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Pogue collection shows us how it's done

A popular daydream is asking someone what they would do if they won the lottery.

Would a coin collector dash out and buy all of the coins of his dreams?

If only it were that easy.

To be able to acquire certain coins, you need more than money. You need to be in the right place at the right time.

Some of the most famous American rarities as well as the little know ones come on the market infrequently.

If a coin is not available, the matter of money is simply a mental exercise in possibilities.

For those collectors who do have money, it is time to circle May 19 and 20 on the calendar.

For it is then that possibilities can become realities for the right buyers.

Those are the dates of the first sale of the D. Brent Pogue Collection by Stack’s Bowers Galleries and Sotheby’s in New York City.

Pre-sale estimates indicate that when all the more than 650 coins in the collection are sold, the total prices realized will exceed $200 million.

That is a large sum.

Even many lottery winners cannot afford such a figure.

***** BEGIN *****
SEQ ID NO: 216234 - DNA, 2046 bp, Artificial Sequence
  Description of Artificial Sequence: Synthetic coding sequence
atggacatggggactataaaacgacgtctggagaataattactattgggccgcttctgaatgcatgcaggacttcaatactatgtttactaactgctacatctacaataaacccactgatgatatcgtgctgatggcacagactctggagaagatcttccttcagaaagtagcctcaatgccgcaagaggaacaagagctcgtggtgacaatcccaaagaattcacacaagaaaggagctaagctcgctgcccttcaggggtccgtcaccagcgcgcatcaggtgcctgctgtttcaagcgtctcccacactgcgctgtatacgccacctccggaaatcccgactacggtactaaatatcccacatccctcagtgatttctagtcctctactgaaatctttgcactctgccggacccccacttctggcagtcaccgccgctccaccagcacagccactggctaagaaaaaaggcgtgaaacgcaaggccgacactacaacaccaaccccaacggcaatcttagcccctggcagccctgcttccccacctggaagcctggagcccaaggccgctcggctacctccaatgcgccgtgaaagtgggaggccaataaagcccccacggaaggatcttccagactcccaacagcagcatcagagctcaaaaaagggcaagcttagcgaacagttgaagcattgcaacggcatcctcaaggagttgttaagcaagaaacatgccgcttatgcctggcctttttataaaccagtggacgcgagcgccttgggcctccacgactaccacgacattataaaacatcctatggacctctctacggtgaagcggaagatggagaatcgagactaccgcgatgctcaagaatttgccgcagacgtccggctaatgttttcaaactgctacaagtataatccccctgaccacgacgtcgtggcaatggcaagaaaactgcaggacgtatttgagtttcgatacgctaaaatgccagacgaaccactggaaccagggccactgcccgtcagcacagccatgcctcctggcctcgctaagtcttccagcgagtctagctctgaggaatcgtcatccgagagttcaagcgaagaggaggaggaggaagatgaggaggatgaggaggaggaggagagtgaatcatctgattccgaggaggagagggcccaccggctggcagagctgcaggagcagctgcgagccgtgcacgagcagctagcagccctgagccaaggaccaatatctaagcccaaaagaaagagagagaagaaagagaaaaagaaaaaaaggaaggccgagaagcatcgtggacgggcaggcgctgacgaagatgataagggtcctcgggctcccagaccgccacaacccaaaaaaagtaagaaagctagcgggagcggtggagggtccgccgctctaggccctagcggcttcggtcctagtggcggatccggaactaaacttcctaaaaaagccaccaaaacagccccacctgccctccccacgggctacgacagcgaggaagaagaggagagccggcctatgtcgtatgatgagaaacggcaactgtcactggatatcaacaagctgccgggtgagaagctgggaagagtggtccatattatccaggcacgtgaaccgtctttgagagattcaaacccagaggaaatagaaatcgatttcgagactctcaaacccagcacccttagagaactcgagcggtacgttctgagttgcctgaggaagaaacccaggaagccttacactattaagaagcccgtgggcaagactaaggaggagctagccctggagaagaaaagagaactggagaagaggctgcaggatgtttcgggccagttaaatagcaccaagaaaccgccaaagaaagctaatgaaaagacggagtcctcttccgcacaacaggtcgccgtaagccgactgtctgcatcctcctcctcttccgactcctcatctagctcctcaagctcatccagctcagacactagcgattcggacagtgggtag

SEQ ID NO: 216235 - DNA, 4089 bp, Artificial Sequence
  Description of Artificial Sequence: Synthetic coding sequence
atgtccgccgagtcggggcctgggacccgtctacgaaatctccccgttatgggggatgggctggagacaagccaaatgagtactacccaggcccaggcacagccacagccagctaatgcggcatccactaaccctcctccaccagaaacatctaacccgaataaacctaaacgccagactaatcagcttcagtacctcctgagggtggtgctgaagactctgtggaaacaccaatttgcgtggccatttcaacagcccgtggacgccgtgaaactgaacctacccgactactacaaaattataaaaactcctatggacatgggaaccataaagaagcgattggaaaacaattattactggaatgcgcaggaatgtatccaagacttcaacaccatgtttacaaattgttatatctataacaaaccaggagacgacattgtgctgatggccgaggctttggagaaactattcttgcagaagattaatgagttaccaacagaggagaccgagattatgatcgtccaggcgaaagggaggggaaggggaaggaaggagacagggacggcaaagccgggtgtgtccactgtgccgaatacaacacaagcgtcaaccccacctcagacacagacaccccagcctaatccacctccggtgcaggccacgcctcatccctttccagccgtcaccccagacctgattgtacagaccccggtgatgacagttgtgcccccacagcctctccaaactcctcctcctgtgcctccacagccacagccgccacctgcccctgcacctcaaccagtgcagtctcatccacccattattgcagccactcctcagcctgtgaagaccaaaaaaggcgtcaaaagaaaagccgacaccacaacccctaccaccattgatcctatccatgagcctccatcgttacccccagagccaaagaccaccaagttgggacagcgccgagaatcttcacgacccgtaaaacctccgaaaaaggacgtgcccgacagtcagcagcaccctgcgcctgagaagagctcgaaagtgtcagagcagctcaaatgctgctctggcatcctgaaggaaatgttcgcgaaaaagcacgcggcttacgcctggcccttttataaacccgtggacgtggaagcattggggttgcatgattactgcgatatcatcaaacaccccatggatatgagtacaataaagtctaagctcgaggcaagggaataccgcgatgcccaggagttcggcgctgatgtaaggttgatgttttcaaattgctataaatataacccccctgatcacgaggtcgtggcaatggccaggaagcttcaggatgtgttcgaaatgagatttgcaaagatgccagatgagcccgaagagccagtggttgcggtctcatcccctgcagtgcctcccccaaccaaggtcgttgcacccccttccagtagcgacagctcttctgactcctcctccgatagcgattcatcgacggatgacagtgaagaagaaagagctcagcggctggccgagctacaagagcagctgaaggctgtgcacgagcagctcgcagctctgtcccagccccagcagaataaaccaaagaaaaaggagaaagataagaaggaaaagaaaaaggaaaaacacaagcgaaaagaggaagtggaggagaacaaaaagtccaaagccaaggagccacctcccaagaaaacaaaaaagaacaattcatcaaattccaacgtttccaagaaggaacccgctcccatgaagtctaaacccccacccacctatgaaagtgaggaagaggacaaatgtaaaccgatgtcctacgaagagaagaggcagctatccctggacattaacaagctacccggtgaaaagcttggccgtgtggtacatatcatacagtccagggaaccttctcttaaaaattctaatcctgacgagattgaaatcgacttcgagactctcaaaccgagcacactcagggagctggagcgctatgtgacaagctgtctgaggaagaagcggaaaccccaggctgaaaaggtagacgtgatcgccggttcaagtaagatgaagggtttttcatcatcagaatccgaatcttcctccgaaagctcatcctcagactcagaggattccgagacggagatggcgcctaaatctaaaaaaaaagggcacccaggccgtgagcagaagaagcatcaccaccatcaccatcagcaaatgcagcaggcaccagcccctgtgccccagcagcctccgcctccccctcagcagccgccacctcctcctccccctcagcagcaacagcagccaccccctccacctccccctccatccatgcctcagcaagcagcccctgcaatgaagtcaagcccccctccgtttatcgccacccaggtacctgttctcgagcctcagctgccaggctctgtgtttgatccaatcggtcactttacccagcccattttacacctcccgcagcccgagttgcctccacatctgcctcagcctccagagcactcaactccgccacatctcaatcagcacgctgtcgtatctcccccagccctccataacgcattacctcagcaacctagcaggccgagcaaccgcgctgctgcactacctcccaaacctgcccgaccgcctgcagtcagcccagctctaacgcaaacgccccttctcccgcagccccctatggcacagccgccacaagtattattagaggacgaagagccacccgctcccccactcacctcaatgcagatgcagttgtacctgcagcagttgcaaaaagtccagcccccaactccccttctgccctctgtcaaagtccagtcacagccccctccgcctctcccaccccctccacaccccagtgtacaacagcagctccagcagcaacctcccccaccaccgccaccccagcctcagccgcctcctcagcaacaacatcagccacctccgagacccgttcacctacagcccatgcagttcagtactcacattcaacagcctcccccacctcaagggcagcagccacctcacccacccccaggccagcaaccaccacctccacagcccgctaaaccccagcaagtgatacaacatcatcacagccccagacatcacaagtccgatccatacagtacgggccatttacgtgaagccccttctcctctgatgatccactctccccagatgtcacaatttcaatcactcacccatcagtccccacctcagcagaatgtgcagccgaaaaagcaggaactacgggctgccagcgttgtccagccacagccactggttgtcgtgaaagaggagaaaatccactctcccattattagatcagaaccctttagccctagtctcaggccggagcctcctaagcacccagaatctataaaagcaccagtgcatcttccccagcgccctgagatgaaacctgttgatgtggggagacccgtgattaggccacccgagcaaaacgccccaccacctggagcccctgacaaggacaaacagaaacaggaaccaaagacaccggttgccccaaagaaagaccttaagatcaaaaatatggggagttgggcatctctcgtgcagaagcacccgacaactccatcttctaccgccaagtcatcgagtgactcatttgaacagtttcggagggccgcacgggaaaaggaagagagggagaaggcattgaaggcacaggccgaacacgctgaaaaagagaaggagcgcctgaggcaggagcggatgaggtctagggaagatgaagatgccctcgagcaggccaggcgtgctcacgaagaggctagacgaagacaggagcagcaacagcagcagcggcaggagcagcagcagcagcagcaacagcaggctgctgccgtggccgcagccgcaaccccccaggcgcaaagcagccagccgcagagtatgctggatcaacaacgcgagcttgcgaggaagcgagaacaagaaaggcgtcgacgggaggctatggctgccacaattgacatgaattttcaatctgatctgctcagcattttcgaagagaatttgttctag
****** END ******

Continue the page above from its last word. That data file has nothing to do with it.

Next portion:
It probably has more impact if I write out all of the zeroes:


Can you imagine?

It is such a large sum of money that even British newspapers are picking up the story.

Ultimately, there will be seven auctions to disperse the collection.

The first sale will offer something over 100 pieces.

Anyone who goes to an auction knows that the sale of 100 lots can occur in half an hour or so if the auctioneer is very good and the coins going under the hammer are routine.

But how long will this particular auction last as it offers American rarities one after another?

Even if every coin is actively competed for with multiple bids flying around the room, this particular auction will not be particularly long, but it will be one to savor.

To use an old phrase, it will be a happening – a numismatic happening.

We collectors will be talking about the results for many years.

Even if you cannot afford the lots, and I know I certainly can’t, look at them as well as the lot descriptions.

The catalog will become a reference.

There are also emailed treats from Stack’s Bowers written by Q. David Bowers about individual pieces.

Visit the firm’s website to become a witness this historical event.

Then if you happen to win a lottery, you will be well prepared to bid.

If you don’t win a lottery, you will simply become a much more knowledgeable numismatist.

Either way, you are a winner.

There will be seven auctions in New York City. The last one will be in May 2017.

That means there is plenty of time to learn, to appreciate and to daydream.

Buzz blogger Dave Harper is winner of the 2014 Numismatic Literary Guild Award for Best Blog and is editor of the weekly newspaper "Numismatic News."